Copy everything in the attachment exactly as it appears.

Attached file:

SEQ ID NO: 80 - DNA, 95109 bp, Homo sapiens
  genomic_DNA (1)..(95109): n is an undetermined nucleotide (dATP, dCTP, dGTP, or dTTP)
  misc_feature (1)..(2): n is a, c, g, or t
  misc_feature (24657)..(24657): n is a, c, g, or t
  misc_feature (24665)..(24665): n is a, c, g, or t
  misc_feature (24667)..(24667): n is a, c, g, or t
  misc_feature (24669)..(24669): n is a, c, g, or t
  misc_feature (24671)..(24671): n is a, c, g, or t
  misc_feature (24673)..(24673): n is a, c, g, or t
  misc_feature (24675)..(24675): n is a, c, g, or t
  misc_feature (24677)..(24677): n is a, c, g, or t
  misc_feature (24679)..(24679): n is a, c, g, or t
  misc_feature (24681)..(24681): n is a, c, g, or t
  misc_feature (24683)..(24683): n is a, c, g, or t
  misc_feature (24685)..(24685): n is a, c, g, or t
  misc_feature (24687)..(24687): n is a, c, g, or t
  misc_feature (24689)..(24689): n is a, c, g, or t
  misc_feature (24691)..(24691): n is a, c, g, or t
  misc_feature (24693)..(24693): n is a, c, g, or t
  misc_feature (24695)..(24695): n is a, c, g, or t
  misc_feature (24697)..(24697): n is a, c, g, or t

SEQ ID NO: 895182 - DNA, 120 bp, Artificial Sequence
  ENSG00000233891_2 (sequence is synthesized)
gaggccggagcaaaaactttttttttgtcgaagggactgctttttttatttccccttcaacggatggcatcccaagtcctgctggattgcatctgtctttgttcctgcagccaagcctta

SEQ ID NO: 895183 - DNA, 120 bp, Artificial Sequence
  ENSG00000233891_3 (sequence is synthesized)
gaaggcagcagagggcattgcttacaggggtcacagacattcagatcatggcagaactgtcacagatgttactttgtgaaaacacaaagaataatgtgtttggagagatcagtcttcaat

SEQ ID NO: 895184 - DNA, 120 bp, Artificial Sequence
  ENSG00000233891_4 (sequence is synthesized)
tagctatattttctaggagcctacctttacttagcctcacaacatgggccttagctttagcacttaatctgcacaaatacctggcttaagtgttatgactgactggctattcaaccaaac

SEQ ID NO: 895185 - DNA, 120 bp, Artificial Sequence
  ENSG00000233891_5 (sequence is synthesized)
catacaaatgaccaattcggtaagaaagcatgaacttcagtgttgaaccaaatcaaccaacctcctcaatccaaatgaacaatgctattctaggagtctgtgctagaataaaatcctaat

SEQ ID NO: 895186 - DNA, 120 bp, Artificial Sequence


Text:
SEQ ID NO: 80 - DNA, 95109 bp, Homo sapiens
  genomic_DNA (1)..(95109): n is an undetermined nucleotide (dATP, dCTP, dGTP, or dTTP)
  misc_feature (1)..(2): n is a, c, g, or t
  misc_feature (24657)..(24657): n is a, c, g, or t
  misc_feature (24665)..(24665): n is a, c, g, or t
  misc_feature (24667)..(24667): n is a, c, g, or t
  misc_feature (24669)..(24669): n is a, c, g, or t
  misc_feature (24671)..(24671): n is a, c, g, or t
  misc_feature (24673)..(24673): n is a, c, g, or t
  misc_feature (24675)..(24675): n is a, c, g, or t
  misc_feature (24677)..(24677): n is a, c, g, or t
  misc_feature (24679)..(24679): n is a, c, g, or t
  misc_feature (24681)..(24681): n is a, c, g, or t
  misc_feature (24683)..(24683): n is a, c, g, or t
  misc_feature (24685)..(24685): n is a, c, g, or t
  misc_feature (24687)..(24687): n is a, c, g, or t
  misc_feature (24689)..(24689): n is a, c, g, or t
  misc_feature (24691)..(24691): n is a, c, g, or t
  misc_feature (24693)..(24693): n is a, c, g, or t
  misc_feature (24695)..(24695): n is a, c, g, or t
  misc_feature (24697)..(24697): n is a, c, g, or t

SEQ ID NO: 895182 - DNA, 120 bp, Artificial Sequence
  ENSG00000233891_2 (sequence is synthesized)
gaggccggagcaaaaactttttttttgtcgaagggactgctttttttatttccccttcaacggatggcatcccaagtcctgctggattgcatctgtctttgttcctgcagccaagcctta

SEQ ID NO: 895183 - DNA, 120 bp, Artificial Sequence
  ENSG00000233891_3 (sequence is synthesized)
gaaggcagcagagggcattgcttacaggggtcacagacattcagatcatggcagaactgtcacagatgttactttgtgaaaacacaaagaataatgtgtttggagagatcagtcttcaat

SEQ ID NO: 895184 - DNA, 120 bp, Artificial Sequence
  ENSG00000233891_4 (sequence is synthesized)
tagctatattttctaggagcctacctttacttagcctcacaacatgggccttagctttagcacttaatctgcacaaatacctggcttaagtgttatgactgactggctattcaaccaaac

SEQ ID NO: 895185 - DNA, 120 bp, Artificial Sequence
  ENSG00000233891_5 (sequence is synthesized)
catacaaatgaccaattcggtaagaaagcatgaacttcagtgttgaaccaaatcaaccaacctcctcaatccaaatgaacaatgctattctaggagtctgtgctagaataaaatcctaat

SEQ ID NO: 895186 - DNA, 120 bp, Artificial Sequence